Are There Complications?

Complications related to hammertoe surgery are similar to other operations. Infection, bleeding, and damage to blood vessels are nerves are all potential complications.

If you are given general anesthesia, you also assume those risks.

Issues related to the specific surgery are rare. But there is a chance your toe will feel unstable because the procedure requires cutting the ligaments.

There is also a slight likelihood the hammertoe will come back.

Finally, if the surgeon fuses the bone in the toe back together, there is a small chance the bone might not heal.

When Should I Call a Doctor After Hammertoe Surgery?

Here are a few good reasons to ring your doctor after surgery:

  • If the wound is bleeding or there’s drainage
  • If the swelling increases after a few days
  • If pain medication isn’t helping
  • If you have a fever

Hammertoe is a painful problem with a straightforward solution. If you’re ready to straighten your toes and live pain-free, contact us today.

5 Natural Treatments for Diabetic Foot Pain

  • man checking diabetic foot pain

Diabetic Foot Pain: 5 Natural Remedies

Foot pain is a reality for many people with diabetes, and results from damages to the peripheral or autonomic nerves. 

Also known as neuropathy, nerve damage is a very common problem among people with diabetes. In fact, research shows that 60 to 70 percent of people with diabetes have some form of neuropathy. 

Some people with nerve damage show no symptoms. Others may have symptoms such as pain, cramps, tingling, or numbness – loss of feelings in the arms, legs, and feet.

If left untreated, neuropathy can worsen over time and lead to complications such as losses in motor function, foot ulcers and debilitating pain which may, in turn, lead to amputation. 

Fortunately, there are several natural ways get relief from diabetic foot pain. 

The 5 natural treatments for diabetic foot pain

Here are the best natural treatments for diabetic foot pain.

1. Manage blood sugar levels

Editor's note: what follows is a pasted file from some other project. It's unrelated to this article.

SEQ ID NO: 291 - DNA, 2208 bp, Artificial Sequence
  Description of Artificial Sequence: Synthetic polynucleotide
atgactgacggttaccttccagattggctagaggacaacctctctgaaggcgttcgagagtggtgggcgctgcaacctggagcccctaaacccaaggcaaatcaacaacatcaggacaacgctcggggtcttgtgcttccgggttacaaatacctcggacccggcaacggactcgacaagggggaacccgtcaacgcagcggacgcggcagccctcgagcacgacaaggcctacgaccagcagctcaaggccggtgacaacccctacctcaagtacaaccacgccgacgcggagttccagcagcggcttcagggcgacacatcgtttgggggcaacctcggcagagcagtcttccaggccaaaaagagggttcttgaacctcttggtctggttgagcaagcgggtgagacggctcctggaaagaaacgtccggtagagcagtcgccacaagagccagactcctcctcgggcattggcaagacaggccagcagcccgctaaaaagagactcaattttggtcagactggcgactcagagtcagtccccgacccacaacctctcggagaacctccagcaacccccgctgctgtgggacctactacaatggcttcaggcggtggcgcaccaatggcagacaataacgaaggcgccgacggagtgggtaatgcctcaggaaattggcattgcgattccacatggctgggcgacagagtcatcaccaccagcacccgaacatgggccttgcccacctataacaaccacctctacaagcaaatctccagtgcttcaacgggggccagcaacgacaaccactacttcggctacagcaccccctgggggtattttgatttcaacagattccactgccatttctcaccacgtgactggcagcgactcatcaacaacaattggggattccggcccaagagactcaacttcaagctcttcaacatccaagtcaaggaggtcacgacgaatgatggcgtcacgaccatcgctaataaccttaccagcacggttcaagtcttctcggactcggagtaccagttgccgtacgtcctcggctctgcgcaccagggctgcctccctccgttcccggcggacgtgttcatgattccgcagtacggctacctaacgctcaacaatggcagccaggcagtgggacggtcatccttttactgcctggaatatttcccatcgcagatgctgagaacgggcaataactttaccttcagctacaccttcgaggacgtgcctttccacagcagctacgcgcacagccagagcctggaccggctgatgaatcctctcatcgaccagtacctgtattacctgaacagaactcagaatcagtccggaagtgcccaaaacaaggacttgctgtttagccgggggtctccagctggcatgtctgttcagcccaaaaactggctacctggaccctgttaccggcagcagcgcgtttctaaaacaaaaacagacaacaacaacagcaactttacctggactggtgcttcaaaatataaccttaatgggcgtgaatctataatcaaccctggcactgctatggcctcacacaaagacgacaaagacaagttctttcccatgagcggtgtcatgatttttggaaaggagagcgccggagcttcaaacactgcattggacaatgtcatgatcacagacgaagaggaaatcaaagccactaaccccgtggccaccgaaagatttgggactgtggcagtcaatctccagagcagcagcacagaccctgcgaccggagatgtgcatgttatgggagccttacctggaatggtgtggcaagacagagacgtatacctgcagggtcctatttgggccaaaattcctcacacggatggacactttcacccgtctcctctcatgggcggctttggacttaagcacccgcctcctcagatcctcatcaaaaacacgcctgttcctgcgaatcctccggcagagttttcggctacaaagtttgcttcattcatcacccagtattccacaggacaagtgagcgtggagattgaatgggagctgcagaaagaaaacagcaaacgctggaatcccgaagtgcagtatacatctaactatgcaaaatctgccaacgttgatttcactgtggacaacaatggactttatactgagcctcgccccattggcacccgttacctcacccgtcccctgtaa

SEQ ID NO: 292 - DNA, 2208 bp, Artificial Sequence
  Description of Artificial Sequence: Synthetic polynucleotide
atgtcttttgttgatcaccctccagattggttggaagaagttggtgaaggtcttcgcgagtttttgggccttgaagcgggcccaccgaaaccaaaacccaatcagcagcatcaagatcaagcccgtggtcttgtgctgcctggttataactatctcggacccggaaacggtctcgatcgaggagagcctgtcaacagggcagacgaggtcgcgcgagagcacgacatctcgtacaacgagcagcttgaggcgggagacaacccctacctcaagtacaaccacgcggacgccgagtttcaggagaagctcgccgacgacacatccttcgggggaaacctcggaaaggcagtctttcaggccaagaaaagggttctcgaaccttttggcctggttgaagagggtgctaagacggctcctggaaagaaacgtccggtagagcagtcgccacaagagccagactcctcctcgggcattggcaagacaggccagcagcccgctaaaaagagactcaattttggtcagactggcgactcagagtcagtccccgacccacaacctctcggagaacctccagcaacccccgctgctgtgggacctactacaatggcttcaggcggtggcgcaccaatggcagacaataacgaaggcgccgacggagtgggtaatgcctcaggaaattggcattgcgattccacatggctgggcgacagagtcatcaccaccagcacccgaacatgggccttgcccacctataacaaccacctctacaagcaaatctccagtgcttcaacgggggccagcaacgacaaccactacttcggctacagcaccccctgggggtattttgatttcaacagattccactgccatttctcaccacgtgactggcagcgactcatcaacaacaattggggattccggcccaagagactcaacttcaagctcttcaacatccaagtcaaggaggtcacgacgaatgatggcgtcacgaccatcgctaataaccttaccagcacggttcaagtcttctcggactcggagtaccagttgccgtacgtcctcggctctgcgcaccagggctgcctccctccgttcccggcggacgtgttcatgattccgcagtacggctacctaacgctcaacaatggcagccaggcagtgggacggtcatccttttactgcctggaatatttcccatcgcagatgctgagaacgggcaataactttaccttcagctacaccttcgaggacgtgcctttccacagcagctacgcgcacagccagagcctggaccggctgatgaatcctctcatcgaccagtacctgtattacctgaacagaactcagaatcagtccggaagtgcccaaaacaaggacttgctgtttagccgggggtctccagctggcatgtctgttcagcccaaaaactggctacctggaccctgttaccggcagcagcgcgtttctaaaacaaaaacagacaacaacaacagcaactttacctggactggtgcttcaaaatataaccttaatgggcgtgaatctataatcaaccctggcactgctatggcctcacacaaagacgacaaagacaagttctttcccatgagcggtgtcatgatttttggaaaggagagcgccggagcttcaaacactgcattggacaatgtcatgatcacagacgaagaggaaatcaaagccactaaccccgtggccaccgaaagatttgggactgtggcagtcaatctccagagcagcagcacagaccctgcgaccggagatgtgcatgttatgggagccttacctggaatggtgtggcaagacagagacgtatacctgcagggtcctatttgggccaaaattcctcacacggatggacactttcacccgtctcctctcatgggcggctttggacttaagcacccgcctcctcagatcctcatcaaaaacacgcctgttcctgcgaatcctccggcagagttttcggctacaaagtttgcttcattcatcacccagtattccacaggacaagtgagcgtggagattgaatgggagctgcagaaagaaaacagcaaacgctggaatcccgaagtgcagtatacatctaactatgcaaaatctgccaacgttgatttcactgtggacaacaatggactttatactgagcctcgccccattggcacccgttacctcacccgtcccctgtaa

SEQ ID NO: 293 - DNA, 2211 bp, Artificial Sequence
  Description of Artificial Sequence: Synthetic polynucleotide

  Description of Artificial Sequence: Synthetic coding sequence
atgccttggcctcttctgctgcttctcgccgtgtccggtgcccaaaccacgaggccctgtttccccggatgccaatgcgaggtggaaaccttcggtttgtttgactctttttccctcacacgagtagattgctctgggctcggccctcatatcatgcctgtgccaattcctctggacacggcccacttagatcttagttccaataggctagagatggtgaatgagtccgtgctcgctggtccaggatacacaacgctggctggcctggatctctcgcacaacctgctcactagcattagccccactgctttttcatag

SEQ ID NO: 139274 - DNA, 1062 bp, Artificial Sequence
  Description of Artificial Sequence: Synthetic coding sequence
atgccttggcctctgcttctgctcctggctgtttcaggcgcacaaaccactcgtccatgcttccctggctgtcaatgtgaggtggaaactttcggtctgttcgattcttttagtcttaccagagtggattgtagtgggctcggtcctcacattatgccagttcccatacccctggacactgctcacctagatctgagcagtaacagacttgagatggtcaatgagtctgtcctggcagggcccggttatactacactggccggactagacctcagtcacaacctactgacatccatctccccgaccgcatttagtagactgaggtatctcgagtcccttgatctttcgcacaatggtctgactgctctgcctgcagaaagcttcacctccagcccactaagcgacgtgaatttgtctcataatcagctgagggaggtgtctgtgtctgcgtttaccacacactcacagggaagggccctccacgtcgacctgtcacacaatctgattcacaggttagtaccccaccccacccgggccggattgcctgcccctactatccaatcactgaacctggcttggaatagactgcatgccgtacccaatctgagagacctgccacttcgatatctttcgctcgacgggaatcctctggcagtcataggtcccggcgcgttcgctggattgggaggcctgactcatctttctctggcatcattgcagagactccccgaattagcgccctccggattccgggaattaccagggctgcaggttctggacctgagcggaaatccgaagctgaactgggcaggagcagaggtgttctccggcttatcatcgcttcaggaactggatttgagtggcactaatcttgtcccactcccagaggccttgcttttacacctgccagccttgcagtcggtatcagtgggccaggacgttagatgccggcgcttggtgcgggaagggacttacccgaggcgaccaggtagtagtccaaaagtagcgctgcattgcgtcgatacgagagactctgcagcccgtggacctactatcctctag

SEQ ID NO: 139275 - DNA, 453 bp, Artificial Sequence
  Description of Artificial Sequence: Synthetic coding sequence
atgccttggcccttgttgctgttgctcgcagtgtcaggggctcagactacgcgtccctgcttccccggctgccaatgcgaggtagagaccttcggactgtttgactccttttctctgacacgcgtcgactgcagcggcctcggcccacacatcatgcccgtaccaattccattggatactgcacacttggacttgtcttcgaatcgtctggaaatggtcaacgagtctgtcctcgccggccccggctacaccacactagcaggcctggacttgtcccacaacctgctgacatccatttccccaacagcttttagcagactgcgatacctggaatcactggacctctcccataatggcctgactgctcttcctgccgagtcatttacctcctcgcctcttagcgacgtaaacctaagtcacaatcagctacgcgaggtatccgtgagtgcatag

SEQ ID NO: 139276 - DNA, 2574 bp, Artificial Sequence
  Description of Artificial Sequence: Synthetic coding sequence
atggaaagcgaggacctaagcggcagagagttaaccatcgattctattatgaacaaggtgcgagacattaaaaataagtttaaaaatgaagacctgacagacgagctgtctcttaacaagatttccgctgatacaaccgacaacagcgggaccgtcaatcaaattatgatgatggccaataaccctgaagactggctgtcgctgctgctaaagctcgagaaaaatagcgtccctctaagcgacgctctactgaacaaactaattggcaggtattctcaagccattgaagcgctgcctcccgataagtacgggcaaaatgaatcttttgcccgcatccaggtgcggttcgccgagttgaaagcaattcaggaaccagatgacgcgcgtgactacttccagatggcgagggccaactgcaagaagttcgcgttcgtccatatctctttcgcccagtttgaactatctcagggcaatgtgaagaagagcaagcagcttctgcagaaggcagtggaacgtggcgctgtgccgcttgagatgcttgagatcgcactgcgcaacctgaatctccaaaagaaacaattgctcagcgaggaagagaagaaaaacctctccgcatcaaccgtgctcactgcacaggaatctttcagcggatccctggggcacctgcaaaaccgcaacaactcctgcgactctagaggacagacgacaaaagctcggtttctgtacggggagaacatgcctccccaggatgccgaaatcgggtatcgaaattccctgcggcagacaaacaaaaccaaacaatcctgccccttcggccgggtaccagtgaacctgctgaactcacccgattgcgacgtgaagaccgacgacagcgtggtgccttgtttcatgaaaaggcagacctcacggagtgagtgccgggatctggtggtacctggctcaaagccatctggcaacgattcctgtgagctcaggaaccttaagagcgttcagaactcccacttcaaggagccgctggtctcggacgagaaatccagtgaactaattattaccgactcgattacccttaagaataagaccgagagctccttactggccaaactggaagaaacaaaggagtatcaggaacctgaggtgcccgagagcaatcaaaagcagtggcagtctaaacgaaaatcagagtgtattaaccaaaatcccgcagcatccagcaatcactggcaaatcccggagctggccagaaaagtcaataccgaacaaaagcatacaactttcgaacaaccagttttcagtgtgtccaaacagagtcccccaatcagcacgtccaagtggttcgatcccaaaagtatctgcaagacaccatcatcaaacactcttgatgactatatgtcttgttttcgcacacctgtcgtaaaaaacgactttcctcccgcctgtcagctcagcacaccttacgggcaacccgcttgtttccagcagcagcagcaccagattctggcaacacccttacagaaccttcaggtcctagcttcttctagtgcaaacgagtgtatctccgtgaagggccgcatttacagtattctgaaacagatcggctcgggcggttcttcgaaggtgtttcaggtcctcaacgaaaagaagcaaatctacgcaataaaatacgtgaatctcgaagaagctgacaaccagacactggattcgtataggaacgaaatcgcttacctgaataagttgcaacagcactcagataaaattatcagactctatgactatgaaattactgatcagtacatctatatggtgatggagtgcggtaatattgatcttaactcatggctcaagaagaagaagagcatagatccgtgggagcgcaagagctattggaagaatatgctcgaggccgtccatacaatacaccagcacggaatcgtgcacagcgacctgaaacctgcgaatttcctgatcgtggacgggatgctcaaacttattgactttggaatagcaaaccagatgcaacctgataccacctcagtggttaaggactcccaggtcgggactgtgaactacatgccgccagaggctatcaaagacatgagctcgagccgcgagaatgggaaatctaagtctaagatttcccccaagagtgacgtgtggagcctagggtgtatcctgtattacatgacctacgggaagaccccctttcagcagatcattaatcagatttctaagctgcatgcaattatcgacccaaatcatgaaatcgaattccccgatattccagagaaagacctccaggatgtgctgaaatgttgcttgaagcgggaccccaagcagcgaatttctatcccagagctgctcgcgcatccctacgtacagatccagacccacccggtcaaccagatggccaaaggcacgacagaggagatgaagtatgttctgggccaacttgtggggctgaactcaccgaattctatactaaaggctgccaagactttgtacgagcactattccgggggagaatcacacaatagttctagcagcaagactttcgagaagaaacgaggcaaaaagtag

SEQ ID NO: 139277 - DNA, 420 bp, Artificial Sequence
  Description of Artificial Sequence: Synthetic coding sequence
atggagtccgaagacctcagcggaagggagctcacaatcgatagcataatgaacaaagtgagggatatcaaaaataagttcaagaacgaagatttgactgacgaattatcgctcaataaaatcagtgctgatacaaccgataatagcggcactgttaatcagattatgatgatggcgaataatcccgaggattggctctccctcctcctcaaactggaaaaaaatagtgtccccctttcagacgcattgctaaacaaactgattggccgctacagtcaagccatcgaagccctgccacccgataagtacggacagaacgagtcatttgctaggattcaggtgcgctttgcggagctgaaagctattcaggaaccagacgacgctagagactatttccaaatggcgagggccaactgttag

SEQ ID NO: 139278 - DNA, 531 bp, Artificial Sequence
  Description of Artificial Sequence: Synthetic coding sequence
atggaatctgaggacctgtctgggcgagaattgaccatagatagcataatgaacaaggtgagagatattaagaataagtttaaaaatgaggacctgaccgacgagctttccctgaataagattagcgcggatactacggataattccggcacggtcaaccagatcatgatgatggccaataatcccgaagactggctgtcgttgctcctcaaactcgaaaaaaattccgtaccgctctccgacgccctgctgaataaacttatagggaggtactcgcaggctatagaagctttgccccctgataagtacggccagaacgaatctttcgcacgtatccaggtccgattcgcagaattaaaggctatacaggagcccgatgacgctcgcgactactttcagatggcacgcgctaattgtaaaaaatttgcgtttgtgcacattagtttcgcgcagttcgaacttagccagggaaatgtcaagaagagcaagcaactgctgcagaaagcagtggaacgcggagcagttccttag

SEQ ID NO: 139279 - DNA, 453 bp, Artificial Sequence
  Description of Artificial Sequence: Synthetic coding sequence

Managing blood glucose level is universally accepted as the best treatment for diabetic neuropathy.

When your blood sugar reaches toxic levels, it leads to neuropathic complications. Therefore, when it comes to managing diabetic neuropathy, controlling the blood sugar levels should take precedence.

Poor blood glucose levels greatly increase the risk for peripheral neuropathy, which is currently the leading cause of non-traumatic amputations.

The best way to manage your blood glucose level is by eating a healthy diet, exercising, and having regular check-ups by your doctor.

2. Warm baths

One of the easiest natural home remedies for diabetic foot pain is a warm bath.

A warm bath is a viable option since hot water increases blood flow to extremities, hence can help improve circulation in the legs and hands. 

Taking a warm bath is also a good way to relax your body, which may make it easier to cope with the pain.

3. Manage Stress

Stress worsens the inflammations and raises the risk for diabetes complications of all kinds. 

Meditating, exercising, spending time doing hobbies and being with family and friends are typical stress relievers to engage in. 

Exercises, in particular, help to improve circulation hence having a good exercise program can help replenish damaged nerves. Doing exercises can also help reduce blood sugar levels as well as increase your tolerance to pain.

4. Follow a healthy diet

What you eat has a direct impact on your blood sugar levels, so a good diet should be your starting point if you want to manage diabetic complications. 

Doctors recommend you focus your diet on unprocessed foods and reduce consumption of sugary drinks and refined carbs to keep your blood sugar level in check.

Your diabetic diet plan should include food rich in fiber, high in nutrients, and low in sugar content. Vitamin B family like B-1, B-6, B-12 are important for nerves health.

Eating a healthy diet ensures you are getting enough vitamin Bs to boost your nerves health.

5. Quit smoking

Cigarette smoking can influence blood circulation, increasing the risk of foot health problems and other related neuropathic complications. 

Therefore, people with neuropathy should stop smoking at all cost. If you are a smoker and have diabetes, you are at a greater risk of developing nerve damage than diabetic nonsmokers. 

Conclusion

Just like diabetes, there is no known cure for neuropathy, only ways to control and stop its progression. 

However, with these natural remedies, foot pain will be a thing of the past.

For more information on how to get relief from diabetic foot pain and other neuropathic complications, contact us. We specialize in treating diabetic patients and collective surgeries of the foot and ankle.